Understanding How China Is Affected by the Complex International Landscape

Qiu Ping, Qiushi, June 4, 2024 —  

Far-reaching shifts in the external environment are having a profound bearing on China’s economic development. First, the development gap continues to grow, as multiple crises concerning food, energy, and debt have emerged at the same time. The global economic recovery has proved a difficult process, with momentum for growth flagging. Second, a backlash against economic globalization has emerged. The Cold War mentality, hegemonism, unilateralism, and protectionism are all on the rise, and the stability of global industrial and supply chains has been undermined. Third, geopolitical turbulence and regional conflicts have become more frequent. Regional hotspot security issues are emerging one after another. Global issues are also intensifying, and profound adjustments are taking place in the international economic, technological, cultural, security, and political domains. For China, all this inevitably means more headwinds and adverse currents in the external environment. The fact that we are pursuing development in a more unstable and uncertain world is an important factor we must consider when assessing the economic situation.

For example, flagging global economic growth and the contraction of external demand have greatly affected China’s export trade. Additionally, certain countries have overstretched national security concerns and politicized and weaponized economic, trade, and technological exchanges. They have pursued a “high-fence, small-yard” approach and instigated decoupling and supply chain disruptions, all of which have impacted Chinese participation in the global division of labor and development in the global market. The trends of localization and regionalization in global industrial and supply chains also have the potential to reduce the role played by China in these chains. In the face of these challenges, we must remain mindful of potential dangers, be prepared for worst-case scenarios and extreme situations, and ensure we have the ability to withstand high winds, choppy waters, and even dangerous storms.

The external environment has indeed become more complex and severe, and the risks and challenges have risen notably. But this has done nothing to change the resilience and momentum of the Chinese economy, nor has it weakened China’s position in and contribution to the world economy. In fact, amid these rapid global changes and deeper interactions between the domestic and international landscapes, China’s economy has actually become more competitive, and its strengths have become more obvious.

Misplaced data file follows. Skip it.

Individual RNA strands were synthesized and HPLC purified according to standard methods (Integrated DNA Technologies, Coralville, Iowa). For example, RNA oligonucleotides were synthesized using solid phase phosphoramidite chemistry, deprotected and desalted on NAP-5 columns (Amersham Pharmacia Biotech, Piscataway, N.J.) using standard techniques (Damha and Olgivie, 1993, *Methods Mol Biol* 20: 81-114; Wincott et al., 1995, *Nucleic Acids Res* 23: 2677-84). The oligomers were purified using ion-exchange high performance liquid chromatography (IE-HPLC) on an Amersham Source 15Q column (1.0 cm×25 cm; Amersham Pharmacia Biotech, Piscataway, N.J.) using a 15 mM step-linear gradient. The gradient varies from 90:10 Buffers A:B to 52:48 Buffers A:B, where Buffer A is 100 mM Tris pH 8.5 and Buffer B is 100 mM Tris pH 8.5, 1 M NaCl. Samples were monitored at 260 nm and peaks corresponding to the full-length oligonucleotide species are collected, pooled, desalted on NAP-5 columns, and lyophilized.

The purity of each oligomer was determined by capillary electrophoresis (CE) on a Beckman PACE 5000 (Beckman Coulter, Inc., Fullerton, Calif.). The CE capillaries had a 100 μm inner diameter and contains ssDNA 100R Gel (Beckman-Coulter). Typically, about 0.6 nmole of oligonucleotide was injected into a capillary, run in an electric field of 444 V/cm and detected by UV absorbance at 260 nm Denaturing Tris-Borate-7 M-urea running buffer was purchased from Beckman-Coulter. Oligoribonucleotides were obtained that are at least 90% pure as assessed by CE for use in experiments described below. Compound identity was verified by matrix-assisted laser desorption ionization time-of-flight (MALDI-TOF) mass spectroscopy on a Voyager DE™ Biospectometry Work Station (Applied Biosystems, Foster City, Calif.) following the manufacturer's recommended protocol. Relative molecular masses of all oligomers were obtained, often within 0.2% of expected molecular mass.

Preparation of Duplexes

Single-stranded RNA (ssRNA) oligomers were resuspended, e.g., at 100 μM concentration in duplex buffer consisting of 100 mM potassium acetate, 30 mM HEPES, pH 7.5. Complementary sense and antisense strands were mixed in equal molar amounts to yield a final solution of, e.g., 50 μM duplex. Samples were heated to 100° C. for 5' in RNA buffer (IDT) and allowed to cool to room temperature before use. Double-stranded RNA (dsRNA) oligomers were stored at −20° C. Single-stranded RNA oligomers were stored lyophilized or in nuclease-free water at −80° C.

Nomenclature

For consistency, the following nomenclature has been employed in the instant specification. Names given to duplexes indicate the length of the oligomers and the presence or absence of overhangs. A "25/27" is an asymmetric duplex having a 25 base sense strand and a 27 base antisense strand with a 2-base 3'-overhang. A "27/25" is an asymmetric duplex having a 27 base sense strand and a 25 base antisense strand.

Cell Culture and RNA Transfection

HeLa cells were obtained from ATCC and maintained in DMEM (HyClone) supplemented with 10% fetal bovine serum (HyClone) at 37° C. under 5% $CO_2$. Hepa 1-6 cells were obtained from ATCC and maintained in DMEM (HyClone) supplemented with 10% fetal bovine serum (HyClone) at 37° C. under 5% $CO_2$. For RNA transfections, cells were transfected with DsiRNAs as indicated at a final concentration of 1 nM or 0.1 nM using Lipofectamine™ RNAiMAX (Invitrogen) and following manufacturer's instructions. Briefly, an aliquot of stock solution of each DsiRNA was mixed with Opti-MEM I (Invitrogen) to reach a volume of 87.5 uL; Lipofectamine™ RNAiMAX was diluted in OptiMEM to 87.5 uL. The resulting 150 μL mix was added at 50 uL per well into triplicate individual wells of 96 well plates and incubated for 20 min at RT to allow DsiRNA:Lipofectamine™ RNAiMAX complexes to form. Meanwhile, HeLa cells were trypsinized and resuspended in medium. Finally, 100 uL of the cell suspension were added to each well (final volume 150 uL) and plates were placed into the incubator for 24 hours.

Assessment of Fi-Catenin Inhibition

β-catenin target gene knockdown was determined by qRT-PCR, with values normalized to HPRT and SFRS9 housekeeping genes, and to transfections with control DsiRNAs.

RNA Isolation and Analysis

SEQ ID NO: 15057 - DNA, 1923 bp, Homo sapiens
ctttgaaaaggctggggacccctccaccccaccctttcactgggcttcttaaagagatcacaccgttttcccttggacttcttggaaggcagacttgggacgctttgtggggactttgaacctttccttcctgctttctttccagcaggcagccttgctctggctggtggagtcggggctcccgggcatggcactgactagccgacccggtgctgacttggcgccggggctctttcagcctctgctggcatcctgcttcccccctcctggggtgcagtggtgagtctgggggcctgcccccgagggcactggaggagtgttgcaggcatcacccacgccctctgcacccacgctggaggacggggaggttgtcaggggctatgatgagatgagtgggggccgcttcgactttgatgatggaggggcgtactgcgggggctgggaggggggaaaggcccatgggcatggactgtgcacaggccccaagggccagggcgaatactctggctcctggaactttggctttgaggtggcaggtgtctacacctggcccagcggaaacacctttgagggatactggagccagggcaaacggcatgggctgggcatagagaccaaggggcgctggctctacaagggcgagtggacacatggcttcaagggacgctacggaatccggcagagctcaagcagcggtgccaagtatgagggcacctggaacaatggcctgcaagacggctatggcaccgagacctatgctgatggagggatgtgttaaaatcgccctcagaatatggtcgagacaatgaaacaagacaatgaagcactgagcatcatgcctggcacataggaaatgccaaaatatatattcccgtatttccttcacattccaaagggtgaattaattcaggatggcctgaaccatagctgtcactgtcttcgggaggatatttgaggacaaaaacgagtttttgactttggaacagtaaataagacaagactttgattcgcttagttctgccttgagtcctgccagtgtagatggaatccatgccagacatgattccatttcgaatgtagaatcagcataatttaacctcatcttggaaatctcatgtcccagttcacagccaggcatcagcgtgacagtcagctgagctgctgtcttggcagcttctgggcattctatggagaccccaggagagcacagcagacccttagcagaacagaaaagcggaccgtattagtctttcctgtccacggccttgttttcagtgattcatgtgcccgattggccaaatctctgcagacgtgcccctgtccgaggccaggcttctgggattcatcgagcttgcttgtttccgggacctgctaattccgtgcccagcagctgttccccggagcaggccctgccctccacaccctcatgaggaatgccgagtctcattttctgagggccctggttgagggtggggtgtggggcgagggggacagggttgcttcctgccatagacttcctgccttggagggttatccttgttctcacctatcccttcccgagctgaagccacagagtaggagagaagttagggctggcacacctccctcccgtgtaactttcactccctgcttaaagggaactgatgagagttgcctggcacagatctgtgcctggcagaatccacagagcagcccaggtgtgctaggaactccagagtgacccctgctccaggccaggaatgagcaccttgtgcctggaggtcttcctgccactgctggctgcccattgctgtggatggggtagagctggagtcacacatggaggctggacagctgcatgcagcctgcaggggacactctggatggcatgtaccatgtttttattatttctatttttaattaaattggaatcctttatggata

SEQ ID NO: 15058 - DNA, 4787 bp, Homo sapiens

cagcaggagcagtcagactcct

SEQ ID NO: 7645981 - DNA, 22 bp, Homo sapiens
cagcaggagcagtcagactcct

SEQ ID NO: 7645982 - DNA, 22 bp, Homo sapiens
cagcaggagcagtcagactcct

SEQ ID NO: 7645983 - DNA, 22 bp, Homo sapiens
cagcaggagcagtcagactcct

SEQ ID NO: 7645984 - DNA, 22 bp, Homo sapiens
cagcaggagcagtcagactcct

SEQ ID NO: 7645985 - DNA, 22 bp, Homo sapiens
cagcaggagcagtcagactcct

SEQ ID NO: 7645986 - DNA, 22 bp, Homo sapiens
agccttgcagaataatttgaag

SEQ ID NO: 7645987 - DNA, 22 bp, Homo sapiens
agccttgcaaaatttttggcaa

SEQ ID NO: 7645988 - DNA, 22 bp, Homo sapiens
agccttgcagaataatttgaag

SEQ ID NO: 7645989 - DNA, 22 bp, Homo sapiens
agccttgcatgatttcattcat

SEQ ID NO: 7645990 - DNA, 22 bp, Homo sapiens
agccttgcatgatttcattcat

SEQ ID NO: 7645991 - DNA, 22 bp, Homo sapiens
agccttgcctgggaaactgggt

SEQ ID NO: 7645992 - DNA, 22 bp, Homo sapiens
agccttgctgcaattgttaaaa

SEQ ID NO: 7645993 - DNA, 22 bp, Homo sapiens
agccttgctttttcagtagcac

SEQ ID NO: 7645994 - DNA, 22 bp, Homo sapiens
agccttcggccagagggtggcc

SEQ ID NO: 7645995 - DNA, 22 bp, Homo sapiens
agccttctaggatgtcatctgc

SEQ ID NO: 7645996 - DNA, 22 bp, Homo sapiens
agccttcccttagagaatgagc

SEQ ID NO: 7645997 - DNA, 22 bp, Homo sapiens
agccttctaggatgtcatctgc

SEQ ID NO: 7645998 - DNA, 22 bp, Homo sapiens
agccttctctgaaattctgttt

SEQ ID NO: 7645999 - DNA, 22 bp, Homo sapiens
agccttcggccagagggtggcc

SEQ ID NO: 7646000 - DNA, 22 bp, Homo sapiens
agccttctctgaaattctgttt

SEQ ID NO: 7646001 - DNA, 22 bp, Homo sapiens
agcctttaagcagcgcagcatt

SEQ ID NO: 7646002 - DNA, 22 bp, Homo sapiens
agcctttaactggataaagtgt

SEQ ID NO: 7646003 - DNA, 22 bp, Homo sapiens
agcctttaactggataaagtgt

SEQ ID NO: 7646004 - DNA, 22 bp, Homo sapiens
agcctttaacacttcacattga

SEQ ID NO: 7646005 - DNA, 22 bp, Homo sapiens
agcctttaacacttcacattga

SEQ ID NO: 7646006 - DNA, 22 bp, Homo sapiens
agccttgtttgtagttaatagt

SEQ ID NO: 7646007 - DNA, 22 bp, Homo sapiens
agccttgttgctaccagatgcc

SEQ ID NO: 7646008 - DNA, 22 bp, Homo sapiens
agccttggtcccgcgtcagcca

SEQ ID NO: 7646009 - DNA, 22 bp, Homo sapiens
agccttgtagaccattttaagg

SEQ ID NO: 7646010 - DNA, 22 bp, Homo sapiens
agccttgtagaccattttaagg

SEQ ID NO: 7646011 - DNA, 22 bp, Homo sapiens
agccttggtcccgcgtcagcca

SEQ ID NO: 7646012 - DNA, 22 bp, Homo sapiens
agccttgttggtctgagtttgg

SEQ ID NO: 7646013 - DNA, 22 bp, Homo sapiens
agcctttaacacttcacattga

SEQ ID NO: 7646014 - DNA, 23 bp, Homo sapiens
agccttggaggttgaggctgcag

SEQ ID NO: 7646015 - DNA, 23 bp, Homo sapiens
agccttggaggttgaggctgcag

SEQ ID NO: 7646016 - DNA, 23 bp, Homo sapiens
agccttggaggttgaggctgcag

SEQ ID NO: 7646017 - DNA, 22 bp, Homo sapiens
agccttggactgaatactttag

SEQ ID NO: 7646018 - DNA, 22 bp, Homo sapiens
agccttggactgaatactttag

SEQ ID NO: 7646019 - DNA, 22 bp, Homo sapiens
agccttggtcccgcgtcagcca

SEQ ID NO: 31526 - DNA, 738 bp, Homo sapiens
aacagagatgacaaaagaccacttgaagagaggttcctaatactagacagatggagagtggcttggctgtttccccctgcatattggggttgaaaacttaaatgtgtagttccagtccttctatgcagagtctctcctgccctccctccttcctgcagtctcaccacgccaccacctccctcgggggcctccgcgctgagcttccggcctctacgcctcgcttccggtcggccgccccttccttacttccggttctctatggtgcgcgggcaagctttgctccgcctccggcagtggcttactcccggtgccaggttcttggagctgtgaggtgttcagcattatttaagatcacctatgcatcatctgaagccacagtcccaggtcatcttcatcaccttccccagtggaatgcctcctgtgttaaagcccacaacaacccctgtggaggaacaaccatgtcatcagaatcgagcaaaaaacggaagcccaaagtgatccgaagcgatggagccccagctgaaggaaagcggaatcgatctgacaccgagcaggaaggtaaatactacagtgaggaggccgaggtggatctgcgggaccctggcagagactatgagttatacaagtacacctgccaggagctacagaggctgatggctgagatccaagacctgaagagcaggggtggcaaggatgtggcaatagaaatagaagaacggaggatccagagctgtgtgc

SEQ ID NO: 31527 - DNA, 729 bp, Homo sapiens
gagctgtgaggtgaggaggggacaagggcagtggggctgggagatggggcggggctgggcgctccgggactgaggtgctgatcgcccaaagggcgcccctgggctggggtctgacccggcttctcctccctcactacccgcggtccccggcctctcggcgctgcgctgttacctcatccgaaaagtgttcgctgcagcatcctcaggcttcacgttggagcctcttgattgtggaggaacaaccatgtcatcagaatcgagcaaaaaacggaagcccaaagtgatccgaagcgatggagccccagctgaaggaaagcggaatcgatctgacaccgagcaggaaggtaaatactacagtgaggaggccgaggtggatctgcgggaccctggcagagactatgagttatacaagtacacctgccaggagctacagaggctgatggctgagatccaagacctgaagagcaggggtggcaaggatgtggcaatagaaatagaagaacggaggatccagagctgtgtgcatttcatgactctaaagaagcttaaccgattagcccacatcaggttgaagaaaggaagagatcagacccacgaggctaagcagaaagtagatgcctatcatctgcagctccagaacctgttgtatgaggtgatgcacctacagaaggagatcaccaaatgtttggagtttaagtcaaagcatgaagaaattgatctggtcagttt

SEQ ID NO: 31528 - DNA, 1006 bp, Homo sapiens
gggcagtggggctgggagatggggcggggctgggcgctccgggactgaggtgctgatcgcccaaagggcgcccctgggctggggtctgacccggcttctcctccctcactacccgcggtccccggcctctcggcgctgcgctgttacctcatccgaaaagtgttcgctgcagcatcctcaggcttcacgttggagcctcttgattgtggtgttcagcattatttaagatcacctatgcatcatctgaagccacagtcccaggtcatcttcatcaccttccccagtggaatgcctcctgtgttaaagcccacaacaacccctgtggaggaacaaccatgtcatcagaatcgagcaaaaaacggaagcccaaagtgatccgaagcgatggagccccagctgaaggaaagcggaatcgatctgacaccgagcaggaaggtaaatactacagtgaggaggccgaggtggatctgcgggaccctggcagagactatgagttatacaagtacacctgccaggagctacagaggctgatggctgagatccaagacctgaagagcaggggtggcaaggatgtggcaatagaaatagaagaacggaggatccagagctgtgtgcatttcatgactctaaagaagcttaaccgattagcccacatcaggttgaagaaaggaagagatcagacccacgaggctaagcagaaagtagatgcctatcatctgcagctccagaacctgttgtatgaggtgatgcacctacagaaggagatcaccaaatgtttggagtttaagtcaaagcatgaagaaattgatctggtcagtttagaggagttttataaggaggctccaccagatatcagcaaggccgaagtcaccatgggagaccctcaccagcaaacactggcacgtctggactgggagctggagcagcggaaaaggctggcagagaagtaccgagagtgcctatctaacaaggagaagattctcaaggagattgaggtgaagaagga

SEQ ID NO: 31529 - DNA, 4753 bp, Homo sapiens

China’s economic aggregate, as a share of the global economy, has surged from 11.3% in 2012 to over 18% in 2022, with the average annual contribution to global economic growth exceeding 30%. China is playing a more pivotal role in global industrial and supply chains. Between 2012 and 2023, its share of the global manufacturing value added surged from 22.5% to nearly 30%. It leads the world in terms of manufacturing scale and production volume for a wide range of industrial goods. It is becoming a primary source of investment for a growing number of countries. Where once China was a passive recipient and proactive adherent to international economic and trade rules, it is now steadily becoming an important participant in formulating these rules.

As the world’s largest exporting nation, China provides a vast array of high-quality, affordable goods to countries across the globe. The facts have proven and will continue to prove that China has always been and will remain a crucial driver of global openness, a steady source of power for world economic growth, a vibrant and expansive market for countries to explore business opportunities, and an active contributor to the reform of global governance.

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